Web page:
The prefabricated, fully functioning, eco-friendly “Smart Home” has occupied an exterior courtyard at the Museum of Science and Industry since May 2008. Installed under the museum’s mature bur oaks, planted before the 1893 World’s Columbian Exposition, and surrounded by vegetable gardens, native prairie plants and a rain garden, the home has been a popular destination since it joined the museum’s other oversized, experiential museum exhibits such as the coal mine and the U-505 submarine.
The contemporary-style home looks especially attractive at this time of year, the surrounding gardens and green roofs full of color and produce.
The Smart Home was designed by Michelle Kaufman (www.michellekaufmann.com) in accordance with her “five eco-principles”:
Getting to know the home’s products, materials, furnishings, appliances, and technologies is an entertaining experience, and the knowledgeable docents keep the tours lively. The home’s interiors were recently redone by Midwest Living magazine’s interior designers.
Sustainable materials are used in creative and attractive ways. Wood from a bur oak tree that fell near the house in 2009, for example, was used to make part of the living room coffee table and the dining room table. The museum does a nice job on the exhibit resource guide that accompanies the show, listing contributing products and designers and their various websites.
Throughout the home the materials, furniture, paints and lighting are all eco-friendly, with many mainstream suppliers showing off their green products.
Many of the technology items in the house were recommended by Wired magazine. One such item is an energy-monitoring system that tracks, in real time, the amount of energy being generated by the home’s rooftop solar film and a 45-foot wind turbine. The homeowners can track their energy consumption and, with an internet feed of energy pricing, calculate the savings to be gained by adjusting their power usage. The home automation system allows owners to control and monitor temperature settings, window coverings, lighting, security sensors and cameras. A sampling of other energy-efficient items and technologies, as described in the exhibit’s guide, are listed below:
• a kitchen-countertop section known as “eCoupled Intelligent Wireless Power” that can power a kitchen appliance or recharge a mobile device. It “uses near-field inductive coupling with an advanced intelligent control system to safely and efficiently transfer power without wires”;
• the “Kill-A-Watt,” a device that reduces overall energy consumption by identifying the specific energy usage for plug-in lights and appliances;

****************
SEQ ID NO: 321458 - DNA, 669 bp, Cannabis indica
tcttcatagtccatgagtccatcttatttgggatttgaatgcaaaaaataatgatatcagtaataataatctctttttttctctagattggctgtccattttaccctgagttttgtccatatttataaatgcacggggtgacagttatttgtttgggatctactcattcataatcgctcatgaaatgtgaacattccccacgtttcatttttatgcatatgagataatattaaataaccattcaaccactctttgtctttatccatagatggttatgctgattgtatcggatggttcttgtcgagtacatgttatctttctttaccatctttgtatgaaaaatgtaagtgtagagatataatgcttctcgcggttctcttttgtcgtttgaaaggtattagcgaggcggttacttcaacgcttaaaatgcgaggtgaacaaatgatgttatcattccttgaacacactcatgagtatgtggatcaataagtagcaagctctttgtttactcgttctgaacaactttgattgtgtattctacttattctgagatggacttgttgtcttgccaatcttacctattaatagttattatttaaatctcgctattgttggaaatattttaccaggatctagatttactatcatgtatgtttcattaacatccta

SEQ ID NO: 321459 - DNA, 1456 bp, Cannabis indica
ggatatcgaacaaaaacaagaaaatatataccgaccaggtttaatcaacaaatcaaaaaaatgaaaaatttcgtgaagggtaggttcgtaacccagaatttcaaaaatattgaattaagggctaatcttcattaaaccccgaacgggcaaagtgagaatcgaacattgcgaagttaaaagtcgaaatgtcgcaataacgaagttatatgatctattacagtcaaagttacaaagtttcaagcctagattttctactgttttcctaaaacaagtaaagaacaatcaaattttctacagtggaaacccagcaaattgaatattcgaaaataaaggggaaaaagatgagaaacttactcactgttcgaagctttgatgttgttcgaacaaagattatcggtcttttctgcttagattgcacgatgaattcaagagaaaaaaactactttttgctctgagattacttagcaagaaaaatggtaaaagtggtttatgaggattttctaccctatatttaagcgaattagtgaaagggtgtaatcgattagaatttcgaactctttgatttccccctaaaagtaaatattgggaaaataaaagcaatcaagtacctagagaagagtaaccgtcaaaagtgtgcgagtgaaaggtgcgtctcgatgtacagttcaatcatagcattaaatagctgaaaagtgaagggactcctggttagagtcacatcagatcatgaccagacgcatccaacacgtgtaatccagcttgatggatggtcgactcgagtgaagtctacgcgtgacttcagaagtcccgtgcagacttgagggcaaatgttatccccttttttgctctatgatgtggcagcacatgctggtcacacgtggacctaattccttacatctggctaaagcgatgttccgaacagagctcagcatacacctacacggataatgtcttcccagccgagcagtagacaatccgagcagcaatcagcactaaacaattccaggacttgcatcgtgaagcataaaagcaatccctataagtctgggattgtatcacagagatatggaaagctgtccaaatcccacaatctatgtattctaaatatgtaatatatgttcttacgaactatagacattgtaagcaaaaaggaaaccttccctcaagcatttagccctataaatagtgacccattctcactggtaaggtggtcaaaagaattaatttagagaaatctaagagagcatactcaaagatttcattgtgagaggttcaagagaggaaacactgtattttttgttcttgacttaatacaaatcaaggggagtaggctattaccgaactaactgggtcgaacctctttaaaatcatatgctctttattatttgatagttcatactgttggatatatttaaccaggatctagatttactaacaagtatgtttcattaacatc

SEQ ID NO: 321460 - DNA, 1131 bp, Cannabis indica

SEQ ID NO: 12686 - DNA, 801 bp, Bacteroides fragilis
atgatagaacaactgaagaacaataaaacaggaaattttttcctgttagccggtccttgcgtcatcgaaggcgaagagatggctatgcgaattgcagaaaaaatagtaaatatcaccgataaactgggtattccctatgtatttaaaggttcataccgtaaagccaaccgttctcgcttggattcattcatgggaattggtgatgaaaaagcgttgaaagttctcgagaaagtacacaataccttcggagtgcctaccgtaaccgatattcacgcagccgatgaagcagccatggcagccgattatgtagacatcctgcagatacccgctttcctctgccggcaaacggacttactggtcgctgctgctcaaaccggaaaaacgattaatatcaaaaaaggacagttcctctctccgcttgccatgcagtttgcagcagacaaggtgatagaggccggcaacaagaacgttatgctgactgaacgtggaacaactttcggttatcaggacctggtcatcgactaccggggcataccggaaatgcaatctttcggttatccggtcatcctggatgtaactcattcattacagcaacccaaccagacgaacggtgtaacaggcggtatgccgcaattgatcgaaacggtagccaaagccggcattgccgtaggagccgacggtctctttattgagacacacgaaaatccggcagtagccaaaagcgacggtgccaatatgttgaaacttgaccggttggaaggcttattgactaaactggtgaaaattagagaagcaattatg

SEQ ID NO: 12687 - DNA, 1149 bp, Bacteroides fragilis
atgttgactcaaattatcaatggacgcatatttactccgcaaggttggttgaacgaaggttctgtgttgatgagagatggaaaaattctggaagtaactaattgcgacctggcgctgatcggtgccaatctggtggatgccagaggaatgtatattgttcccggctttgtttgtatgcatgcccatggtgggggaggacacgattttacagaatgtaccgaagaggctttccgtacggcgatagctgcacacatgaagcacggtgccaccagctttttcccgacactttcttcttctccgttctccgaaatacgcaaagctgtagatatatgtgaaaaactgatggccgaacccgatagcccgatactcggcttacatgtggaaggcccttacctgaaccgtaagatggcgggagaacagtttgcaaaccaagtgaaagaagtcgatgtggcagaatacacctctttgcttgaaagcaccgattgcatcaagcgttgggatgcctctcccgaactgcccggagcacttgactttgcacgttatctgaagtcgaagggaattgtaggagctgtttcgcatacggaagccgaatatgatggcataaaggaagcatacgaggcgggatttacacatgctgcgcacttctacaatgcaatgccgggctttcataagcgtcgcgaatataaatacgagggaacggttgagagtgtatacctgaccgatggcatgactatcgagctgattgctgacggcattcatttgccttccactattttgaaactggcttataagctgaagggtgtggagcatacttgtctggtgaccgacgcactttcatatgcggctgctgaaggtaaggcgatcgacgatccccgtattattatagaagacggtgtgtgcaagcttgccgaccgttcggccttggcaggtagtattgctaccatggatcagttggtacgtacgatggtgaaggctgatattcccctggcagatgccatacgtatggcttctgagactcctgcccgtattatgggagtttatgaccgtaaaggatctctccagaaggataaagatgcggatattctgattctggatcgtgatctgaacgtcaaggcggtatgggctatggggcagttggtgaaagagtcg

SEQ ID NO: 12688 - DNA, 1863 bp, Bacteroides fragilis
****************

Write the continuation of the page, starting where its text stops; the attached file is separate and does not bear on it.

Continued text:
• the “EcoSmart Vision Fireplace,” a portable and ventless fireplace that runs on denatured alcohol;
• the “Power Smart Tower,” a device that automatically powers down outlets when they are not in use and powers them back up when power is called for, reducing stand-by power usage by up to 85 percent;
• the “Dyson Air Multiplier Fan,” which draws in air and amplifies it 15 times. Because it has no blades or grill, it is safe and easy to clean;
• “Snow Joe Plus,” a lightweight, powerful, electric, snow thrower.
One of the niftier parts of the exhibit is the home’s garage, which was designed to serve both as a traditional garage and as an extension of the house and its family areas.
There are garage doors on both ends of the garage, and the overhead door facing the house has a “durable rust-proof aluminum frame with insulated tempered glass” that ties it visually to the outdoor family area and to the house itself.
Included in this garage are:
• a large recycling area
• a biodiesel unit for converting ordinary cooking oil into auto fuel
• a hydroponic unit for fall and winter vegetable and herb gardens
• a year-round plant preparation area
• a composting area
• a workbench with energy-efficient tools such as a “vibrafree random orbit sander” and a “bionic wrench and bit drive.”
The garage was transformed by the DIY Network’s Garage Mahal series which, according to the MSI brochure, “features amazing transformations of disorganized garages into spectacular living spaces.” It suggests what many garage-users already know: that a garage is too important to be used only for cars.
The prefabrication of this home offsite in a controlled indoor environment was energy-efficient as well. The construction phase was shortened to several weeks, and less energy and fewer resources were used than in the construction of a typical house, which can take from 8 months to a year.
Foundation work (excavation and pouring of concrete) was done at the museum site while the rest of the house was being built in the factory. Homes with factory-built components (also known as modular homes) use pre-cut materials, reducing waste and worker error. Drywall, wiring, sawdust, vinyl and other scraps are collected at the factory and recycled. Subcontractors install plumbing, heating and electrical systems in the factory, and for all the trades other than concrete, weather is not an issue. Factory-built homes are tested for air leaks before they leave the factory to make sure that the structure is properly sealed and insulated.
The exhibit’s large menu of green options is offered to visitors without any of the associated costs. But it is intended to be educational and stimulating, and recalls Chicago’s 1933 Century of Progress World’s Fair that had its own “Homes of Tomorrow” exhibit.
The Smart Home is also a nice fit with the Climate Matters exhibit that opened at the MSI on Sept. 16.
The “Smart Home: Green and Wired” exhibit will be at the museum until Jan. 9, 2011. The exhibit is not included in the price of a general admission ticket and requires a timed-entry ticket for tours.